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Ali Hewson and her husband Bono, front man of U2 Photo by: Google Images

Bono’s wife leads protest against oil drilling near their posh home

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Ali Hewson and her husband Bono, front man of U2 Photo by: Google Images

The wife of U2 frontman Bono is leading the protests against plans to drill for oil in Dublin Bay.
Well known human rights activist Ali Hewson has claimed the exploration will impact the local environment.

She has said she is opposed to the drilling off the South Dublin coastline where she lives as it would ‘spoil’ the area.

Hewson and her husband are two of the wealthiest residents of the posh Dalkey/Killiney coastline where speculators want to drill for oil.

The U2 singer’s wife told the Sunday Independent newspaper: “I think there are a lot of people who feel the same way. They are scratching their heads thinking: ‘Okay, you are going to do this in one of the most scenic, beautiful areas - without any research on the damage to the environment and without any benefit for the country?’

“The country won’t benefit from it - I think it has to be reviewed and it certainly shouldn’t go ahead the way it stands at the moment.”

Hewson has made her stand after Irish-listed company Providence Resources was given the go-ahead to begin the drill.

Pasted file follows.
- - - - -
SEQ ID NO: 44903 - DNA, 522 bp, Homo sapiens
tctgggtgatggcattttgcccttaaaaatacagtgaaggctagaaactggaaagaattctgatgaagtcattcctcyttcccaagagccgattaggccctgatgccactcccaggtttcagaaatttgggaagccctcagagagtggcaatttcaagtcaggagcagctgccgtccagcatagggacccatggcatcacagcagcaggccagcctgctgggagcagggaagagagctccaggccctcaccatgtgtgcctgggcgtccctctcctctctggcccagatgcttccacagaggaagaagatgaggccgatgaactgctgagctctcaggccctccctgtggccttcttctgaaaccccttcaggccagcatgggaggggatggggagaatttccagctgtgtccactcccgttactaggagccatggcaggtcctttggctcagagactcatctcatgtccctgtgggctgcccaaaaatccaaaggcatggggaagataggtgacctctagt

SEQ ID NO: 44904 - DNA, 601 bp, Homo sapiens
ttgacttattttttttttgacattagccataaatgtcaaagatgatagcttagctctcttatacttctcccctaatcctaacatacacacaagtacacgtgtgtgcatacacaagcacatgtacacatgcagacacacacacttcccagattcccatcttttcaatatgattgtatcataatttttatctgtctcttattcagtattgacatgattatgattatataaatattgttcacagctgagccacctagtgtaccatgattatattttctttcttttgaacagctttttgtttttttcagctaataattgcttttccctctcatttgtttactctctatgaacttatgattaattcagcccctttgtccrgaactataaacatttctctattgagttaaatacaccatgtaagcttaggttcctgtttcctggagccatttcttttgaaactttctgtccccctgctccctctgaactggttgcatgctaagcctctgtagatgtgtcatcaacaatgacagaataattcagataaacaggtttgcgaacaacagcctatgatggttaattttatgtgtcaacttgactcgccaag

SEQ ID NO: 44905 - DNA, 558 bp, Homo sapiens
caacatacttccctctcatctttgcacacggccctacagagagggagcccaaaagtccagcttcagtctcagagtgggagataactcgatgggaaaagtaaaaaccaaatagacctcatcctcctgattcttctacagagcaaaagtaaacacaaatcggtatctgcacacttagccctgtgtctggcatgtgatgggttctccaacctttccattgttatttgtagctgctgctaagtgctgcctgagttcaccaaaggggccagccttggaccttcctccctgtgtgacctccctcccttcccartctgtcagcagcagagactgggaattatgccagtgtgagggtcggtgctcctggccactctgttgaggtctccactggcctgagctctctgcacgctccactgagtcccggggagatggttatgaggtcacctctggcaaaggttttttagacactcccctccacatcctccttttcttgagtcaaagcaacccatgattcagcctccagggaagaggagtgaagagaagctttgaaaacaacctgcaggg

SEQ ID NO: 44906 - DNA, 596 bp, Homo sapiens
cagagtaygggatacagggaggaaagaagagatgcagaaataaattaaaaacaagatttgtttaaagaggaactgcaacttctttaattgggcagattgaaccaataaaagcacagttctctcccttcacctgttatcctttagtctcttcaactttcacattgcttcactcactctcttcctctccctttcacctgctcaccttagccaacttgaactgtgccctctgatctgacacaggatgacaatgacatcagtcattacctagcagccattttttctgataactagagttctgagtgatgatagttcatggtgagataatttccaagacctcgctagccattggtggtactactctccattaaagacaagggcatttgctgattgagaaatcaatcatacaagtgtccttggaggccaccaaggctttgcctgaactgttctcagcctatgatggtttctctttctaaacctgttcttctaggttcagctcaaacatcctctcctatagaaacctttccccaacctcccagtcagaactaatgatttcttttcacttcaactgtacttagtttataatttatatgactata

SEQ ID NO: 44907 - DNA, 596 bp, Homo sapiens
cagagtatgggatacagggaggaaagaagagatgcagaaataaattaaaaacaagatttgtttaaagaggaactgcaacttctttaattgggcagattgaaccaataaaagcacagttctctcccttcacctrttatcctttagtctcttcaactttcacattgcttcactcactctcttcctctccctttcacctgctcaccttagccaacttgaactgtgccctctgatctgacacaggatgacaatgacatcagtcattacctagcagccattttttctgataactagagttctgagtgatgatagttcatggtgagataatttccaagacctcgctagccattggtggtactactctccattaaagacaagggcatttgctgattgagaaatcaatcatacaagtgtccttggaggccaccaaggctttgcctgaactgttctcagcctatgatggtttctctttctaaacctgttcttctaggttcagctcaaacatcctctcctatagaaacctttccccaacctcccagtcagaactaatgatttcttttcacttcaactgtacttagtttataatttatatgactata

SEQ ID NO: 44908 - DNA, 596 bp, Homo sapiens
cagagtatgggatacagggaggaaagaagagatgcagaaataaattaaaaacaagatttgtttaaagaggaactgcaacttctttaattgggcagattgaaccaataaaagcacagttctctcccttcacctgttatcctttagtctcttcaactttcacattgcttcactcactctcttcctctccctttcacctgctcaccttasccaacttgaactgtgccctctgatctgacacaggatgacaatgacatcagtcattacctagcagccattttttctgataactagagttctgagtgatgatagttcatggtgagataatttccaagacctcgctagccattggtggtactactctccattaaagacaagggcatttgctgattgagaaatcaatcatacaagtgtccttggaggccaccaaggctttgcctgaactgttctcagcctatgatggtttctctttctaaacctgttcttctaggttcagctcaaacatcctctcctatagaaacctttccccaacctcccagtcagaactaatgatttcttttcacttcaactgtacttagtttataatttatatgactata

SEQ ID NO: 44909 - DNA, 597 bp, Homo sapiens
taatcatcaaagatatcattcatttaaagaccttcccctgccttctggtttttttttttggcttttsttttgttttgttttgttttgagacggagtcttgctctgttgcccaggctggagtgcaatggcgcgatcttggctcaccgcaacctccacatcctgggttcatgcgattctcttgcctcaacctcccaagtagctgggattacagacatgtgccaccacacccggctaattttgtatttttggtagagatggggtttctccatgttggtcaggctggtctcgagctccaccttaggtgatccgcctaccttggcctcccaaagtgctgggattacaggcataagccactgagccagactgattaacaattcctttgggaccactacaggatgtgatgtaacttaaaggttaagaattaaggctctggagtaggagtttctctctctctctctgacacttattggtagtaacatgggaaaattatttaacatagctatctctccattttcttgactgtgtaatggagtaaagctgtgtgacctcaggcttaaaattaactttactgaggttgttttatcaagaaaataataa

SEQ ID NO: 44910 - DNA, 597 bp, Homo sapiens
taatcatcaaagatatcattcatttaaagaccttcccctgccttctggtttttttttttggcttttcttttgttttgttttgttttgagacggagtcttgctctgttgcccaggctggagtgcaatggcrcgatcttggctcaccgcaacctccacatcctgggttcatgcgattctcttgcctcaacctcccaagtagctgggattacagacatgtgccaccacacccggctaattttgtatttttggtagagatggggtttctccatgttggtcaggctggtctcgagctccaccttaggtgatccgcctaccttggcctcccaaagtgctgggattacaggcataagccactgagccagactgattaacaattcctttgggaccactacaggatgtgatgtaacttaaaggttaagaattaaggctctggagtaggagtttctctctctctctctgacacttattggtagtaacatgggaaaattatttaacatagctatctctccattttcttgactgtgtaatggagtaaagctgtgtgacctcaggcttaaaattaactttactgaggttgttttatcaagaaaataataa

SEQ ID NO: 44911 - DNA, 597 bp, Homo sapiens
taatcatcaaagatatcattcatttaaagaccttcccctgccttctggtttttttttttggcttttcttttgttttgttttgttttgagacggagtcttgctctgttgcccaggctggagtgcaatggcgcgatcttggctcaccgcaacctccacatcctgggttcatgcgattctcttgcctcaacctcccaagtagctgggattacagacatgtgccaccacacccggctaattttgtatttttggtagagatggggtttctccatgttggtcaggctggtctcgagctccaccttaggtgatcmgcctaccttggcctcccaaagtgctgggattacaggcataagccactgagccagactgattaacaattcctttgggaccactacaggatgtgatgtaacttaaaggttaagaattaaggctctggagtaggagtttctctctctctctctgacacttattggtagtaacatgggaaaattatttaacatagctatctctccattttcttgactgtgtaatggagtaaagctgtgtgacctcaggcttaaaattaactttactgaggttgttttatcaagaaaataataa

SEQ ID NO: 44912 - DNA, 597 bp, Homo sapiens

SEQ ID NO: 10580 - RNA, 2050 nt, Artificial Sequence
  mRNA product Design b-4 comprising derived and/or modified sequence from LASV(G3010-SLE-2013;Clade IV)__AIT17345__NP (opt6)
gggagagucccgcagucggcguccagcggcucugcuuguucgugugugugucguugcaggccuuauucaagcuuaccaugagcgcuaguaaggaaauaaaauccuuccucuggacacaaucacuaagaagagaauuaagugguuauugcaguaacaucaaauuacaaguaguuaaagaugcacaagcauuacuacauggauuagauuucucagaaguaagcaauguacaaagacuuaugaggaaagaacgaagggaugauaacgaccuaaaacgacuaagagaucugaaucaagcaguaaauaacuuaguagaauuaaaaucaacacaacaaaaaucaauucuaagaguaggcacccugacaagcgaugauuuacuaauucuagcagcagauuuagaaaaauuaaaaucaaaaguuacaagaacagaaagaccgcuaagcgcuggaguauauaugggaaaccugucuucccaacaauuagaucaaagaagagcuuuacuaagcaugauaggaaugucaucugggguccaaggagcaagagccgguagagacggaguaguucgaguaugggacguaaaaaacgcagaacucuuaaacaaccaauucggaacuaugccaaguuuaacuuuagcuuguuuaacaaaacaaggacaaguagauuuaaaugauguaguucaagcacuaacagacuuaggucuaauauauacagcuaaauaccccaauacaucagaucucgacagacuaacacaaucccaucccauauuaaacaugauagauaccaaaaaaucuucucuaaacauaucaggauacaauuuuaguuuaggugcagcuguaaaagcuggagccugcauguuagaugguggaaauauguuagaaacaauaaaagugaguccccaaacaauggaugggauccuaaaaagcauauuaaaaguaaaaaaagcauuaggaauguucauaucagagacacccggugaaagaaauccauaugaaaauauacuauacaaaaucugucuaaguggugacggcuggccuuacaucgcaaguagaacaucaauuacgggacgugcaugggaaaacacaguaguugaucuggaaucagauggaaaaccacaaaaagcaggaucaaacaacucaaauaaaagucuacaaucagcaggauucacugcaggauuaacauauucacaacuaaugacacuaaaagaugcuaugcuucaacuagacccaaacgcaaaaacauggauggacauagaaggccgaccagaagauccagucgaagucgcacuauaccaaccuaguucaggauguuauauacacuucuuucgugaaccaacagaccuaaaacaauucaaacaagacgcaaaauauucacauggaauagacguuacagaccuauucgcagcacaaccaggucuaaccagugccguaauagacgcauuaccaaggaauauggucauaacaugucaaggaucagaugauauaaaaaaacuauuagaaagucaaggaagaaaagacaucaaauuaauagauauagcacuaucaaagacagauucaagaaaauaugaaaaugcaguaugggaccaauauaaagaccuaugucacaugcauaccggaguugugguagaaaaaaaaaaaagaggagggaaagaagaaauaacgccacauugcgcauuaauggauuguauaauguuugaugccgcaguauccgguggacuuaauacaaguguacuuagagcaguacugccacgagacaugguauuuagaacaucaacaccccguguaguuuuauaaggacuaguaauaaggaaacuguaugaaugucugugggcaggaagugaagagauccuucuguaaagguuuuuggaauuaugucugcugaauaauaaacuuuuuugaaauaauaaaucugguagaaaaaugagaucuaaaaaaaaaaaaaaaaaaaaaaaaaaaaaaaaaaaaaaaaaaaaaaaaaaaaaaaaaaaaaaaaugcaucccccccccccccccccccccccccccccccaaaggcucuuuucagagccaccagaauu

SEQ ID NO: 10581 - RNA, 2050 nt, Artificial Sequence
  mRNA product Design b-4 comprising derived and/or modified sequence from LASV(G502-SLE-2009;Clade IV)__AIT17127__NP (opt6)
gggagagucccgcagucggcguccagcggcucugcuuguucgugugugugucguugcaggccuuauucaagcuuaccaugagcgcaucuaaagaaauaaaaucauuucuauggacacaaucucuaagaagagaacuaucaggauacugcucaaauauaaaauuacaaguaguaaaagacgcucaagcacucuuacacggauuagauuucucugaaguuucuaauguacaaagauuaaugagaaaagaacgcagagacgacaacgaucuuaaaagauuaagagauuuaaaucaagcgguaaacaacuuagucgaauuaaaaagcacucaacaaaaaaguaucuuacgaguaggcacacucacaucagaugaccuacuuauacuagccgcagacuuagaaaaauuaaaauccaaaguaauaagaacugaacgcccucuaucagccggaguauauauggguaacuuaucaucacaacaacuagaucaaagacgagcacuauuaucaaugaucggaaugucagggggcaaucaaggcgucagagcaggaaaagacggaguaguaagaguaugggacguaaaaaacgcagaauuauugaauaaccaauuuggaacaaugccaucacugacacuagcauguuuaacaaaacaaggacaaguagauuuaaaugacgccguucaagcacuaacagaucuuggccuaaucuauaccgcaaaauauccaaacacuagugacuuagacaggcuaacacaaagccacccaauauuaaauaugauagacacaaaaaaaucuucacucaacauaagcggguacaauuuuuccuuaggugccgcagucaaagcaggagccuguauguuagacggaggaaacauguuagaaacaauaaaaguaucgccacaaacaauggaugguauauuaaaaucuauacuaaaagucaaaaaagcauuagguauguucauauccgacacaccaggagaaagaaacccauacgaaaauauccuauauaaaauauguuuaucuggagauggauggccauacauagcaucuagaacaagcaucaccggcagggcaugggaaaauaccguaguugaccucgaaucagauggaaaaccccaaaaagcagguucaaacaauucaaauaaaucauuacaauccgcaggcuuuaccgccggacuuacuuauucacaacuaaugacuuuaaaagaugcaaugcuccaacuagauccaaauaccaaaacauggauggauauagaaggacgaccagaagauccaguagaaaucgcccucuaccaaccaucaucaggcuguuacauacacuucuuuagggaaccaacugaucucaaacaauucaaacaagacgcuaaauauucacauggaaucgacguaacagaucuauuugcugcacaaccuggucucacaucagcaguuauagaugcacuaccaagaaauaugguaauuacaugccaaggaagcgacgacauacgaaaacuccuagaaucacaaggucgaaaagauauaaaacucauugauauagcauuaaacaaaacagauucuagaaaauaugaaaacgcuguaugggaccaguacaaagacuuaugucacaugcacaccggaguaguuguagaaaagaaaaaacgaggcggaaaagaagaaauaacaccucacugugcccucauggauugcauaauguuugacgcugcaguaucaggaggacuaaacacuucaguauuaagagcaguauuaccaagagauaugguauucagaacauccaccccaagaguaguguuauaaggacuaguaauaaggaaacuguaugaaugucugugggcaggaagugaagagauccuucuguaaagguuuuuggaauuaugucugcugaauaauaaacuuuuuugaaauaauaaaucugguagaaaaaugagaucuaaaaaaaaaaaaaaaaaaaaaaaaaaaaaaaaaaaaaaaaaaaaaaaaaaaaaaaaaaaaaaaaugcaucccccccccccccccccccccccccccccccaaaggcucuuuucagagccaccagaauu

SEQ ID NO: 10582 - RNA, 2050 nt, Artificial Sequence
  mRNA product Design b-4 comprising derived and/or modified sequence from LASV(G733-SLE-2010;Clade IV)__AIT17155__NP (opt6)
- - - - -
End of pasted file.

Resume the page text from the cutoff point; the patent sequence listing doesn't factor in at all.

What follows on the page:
The company, headed by Tony O’Reilly, has stressed the benefits an oil find could have for the Irish economy.

A spokesman for Providence said: “We are a long way from a commercial oil or gas discovery, however, we believe that the implications of such a discovery would be of significant economic benefit for Ireland Inc in terms of taxation, employment, security of supply and skills development.

“Up to 40 per cent of profits from production of such a commercial discovery would accrue to the State.”

Ireland’s Department of the Environment has awarded a foreshore licence to Providence to carry out drilling on the Dalkey Island project in Dublin Bay.

The drilling is expected to start early next year and will take place five miles from the coast.

Providence representatives have moved to allay local fears and say their methods are safe.

The spokesman added: “We have had a number of groups and individuals meet with us for positive and constructive discussions and we continue to encourage anyone with any concerns to come and talk to us.

“Rigorous environmental and health and safety standards form a vital part of our ethos.

“Detailed environmental assessments were submitted as part of the foreshore licensing process and this offshore area was subject to the Government-led Irish Offshore Strategic Environmental Assessment 4 process, which included full public consultation.

“At this stage we are only conducting a site survey and drilling a single exploratory well. The survey activity will take 10-15 days. The well will be drilled over a period of 30-60 days, within six months of the survey.”

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